|The government may exclude packaged drinking water (1 litre or more) from single-use plastic ban — likely to come into effect from October 2 — while simultaneously facilitating alternatives so that the transition to non-plastic packages does not inconvenience public. Food and consumer affairs minister Ram Vilas Paswan favours a ban on plastics, but admits that no concrete alternative of packaged drinking water is available now.|
“We have not got any concrete alternative of packaged drinking water. Therefore, I have asked all manufacturers to send their suggestions by September 11,” the minister said, adding that these recommendations would be sent to the inter-ministerial panel headed by the Cabinet secretary. Paswan on Monday held a discussion with bottled water industry and various government departments to find a suitable alternative for single-use plastic bottles for drinking water.
The inter-ministerial panel will take a decision on what items to be banned under the single use plastic and whether the restriction will be imposed in one go or in a phased manner. The government’s quality controller —Bureau of Indian Standards — does not have a definition of ‘single-use’ plastic and is waiting for the panel’s report which will also come out with a definition.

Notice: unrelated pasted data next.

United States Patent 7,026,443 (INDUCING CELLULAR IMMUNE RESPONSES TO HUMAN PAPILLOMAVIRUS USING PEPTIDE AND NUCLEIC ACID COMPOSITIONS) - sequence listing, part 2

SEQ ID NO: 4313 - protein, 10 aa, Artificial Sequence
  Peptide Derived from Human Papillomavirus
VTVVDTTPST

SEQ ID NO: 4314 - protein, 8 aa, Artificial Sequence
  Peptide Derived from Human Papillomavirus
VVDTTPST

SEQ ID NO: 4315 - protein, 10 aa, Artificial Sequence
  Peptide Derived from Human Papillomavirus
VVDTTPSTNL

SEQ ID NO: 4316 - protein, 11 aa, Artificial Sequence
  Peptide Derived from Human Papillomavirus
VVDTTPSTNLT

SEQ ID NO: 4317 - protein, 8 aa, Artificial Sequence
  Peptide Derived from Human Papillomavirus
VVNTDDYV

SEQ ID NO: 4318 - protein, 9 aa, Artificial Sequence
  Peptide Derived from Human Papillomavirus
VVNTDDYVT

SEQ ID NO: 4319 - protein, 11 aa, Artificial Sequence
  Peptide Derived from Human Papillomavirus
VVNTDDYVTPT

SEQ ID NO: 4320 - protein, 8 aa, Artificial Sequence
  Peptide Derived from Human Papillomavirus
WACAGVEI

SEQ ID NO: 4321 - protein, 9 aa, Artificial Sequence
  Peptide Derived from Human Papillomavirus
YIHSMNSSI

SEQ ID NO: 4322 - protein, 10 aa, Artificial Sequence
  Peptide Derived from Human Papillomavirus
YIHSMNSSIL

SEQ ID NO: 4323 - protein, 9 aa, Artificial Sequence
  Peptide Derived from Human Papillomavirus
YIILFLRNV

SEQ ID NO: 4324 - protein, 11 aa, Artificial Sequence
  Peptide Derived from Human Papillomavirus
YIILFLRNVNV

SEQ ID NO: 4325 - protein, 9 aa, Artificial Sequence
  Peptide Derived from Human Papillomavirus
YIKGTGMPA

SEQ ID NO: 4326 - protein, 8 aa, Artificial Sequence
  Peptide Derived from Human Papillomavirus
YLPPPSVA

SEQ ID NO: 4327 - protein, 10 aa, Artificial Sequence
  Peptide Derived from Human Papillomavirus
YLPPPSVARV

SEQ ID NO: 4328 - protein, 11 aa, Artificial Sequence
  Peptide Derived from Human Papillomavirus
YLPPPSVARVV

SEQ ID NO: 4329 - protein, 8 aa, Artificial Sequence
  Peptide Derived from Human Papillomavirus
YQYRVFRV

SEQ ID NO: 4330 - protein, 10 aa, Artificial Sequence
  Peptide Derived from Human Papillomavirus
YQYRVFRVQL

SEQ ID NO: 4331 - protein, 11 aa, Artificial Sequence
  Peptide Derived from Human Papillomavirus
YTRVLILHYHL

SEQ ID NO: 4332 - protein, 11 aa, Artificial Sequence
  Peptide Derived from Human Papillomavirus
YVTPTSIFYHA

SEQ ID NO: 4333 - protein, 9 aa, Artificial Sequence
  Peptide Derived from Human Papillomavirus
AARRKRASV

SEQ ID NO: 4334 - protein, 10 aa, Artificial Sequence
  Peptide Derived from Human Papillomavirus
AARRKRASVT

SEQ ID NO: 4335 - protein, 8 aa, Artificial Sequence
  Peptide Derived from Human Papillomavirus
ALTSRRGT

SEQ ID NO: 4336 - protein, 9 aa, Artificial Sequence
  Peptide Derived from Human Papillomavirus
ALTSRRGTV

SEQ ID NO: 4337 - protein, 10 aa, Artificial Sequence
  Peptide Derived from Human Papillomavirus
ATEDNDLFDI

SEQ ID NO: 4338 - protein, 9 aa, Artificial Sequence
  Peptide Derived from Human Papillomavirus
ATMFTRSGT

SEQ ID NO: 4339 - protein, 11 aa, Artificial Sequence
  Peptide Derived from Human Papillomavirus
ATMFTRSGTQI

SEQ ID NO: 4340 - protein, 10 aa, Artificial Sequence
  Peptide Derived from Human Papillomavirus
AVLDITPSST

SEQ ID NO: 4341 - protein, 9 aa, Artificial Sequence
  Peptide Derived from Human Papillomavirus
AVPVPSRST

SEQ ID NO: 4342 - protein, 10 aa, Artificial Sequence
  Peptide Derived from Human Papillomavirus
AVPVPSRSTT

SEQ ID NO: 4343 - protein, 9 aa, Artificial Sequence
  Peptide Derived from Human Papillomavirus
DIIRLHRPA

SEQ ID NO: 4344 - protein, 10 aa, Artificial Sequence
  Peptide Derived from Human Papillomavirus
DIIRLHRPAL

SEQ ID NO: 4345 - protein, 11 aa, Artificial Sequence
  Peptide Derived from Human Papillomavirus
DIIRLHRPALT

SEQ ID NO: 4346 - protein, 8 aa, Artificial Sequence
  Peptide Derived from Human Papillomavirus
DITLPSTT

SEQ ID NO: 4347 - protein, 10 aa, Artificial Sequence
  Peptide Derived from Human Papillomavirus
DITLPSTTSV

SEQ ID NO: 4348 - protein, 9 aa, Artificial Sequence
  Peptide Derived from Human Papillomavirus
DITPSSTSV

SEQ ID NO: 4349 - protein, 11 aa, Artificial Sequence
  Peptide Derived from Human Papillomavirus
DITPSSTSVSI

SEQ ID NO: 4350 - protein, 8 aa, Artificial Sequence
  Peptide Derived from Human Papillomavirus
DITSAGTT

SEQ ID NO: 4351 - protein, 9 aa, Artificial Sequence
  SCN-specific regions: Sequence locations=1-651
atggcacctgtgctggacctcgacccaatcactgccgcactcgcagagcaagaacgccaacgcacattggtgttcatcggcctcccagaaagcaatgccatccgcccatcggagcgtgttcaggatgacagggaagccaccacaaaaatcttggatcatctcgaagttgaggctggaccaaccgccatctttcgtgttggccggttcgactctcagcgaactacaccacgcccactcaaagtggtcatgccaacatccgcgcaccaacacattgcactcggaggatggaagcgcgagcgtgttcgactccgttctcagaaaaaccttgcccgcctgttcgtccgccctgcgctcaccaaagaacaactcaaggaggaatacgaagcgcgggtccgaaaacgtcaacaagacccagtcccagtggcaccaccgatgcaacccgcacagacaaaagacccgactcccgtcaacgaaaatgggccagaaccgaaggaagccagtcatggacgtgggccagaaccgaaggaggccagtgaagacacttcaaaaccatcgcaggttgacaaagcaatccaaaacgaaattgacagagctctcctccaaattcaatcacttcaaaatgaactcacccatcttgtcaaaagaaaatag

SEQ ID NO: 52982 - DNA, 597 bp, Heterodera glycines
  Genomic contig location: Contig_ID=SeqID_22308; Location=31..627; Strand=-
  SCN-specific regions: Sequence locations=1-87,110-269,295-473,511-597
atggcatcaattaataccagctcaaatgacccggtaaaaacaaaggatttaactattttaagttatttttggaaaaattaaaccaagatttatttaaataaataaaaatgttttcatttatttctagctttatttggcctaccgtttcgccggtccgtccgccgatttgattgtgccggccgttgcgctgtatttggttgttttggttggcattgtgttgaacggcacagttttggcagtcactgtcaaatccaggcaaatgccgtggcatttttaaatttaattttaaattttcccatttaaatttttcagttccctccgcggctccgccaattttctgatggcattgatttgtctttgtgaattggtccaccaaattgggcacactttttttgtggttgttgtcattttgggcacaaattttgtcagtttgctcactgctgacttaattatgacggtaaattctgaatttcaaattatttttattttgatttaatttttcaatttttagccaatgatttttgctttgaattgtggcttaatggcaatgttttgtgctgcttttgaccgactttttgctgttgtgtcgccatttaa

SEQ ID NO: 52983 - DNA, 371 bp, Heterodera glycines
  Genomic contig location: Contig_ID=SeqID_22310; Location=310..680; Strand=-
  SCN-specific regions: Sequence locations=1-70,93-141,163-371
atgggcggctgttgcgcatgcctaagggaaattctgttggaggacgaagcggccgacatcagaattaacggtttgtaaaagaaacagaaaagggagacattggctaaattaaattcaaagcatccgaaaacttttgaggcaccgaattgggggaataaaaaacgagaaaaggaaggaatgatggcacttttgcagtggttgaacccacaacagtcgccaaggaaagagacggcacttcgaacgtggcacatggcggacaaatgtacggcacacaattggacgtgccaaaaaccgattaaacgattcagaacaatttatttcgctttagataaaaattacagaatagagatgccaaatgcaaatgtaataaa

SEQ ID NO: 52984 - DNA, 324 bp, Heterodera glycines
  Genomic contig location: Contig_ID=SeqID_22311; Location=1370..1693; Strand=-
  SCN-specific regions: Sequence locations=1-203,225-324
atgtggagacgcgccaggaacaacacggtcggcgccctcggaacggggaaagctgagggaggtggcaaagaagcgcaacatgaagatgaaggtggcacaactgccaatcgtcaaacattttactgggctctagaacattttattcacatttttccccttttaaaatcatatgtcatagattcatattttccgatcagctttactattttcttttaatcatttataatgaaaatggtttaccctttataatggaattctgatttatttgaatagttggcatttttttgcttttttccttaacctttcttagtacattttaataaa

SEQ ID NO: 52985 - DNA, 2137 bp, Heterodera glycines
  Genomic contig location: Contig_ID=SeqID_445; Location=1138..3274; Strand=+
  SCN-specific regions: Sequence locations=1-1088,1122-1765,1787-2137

The government plans to ban plastic bags, cups, plates, small bottles, straws and certain types of sachets and the restriction will cover manufacturing, usage and import, Reuters had reported last month. In his Independence Day address, Prime Minister Narendra Modi said steps would be taken from October 2 to make India free from single-use plastic.
Stating that recycling is not a permanent solution, Paswan said there is a need to find an alternative, which is equally affordable and reliable. Even pure paper bottle is not an alternative as some plastic is mixed, he said and added that even glass bottle in general cannot replace. He also said any ban would not affect employment as the alternative would create jobs.
All India Association of Natural Mineral Water Industry’s secretary Behram Mehta, who participated in the discussion, said the packaged bottle water industry uses PET (polyethylene terephthalate), which is 100% recyclable, used globally and does not fall under single-use plastic as per EU standards. He said any ban on this will adversely affect the Rs 30,000-crore bottled water industry.
Meanwhile, addressing the global conference of parties to the United Nations Convention to Combat Desertification (UNCCD), Modi said India would put an end to single-use plastic in coming years. He also said it is time the world says goodbye to it.
“Another form of land degradation, which, if not prevented, would become impossible to reverse. This is the menace of plastic waste. Apart from having adverse health implications, this is going to render land unproductive and unfit for agriculture,” Modi said.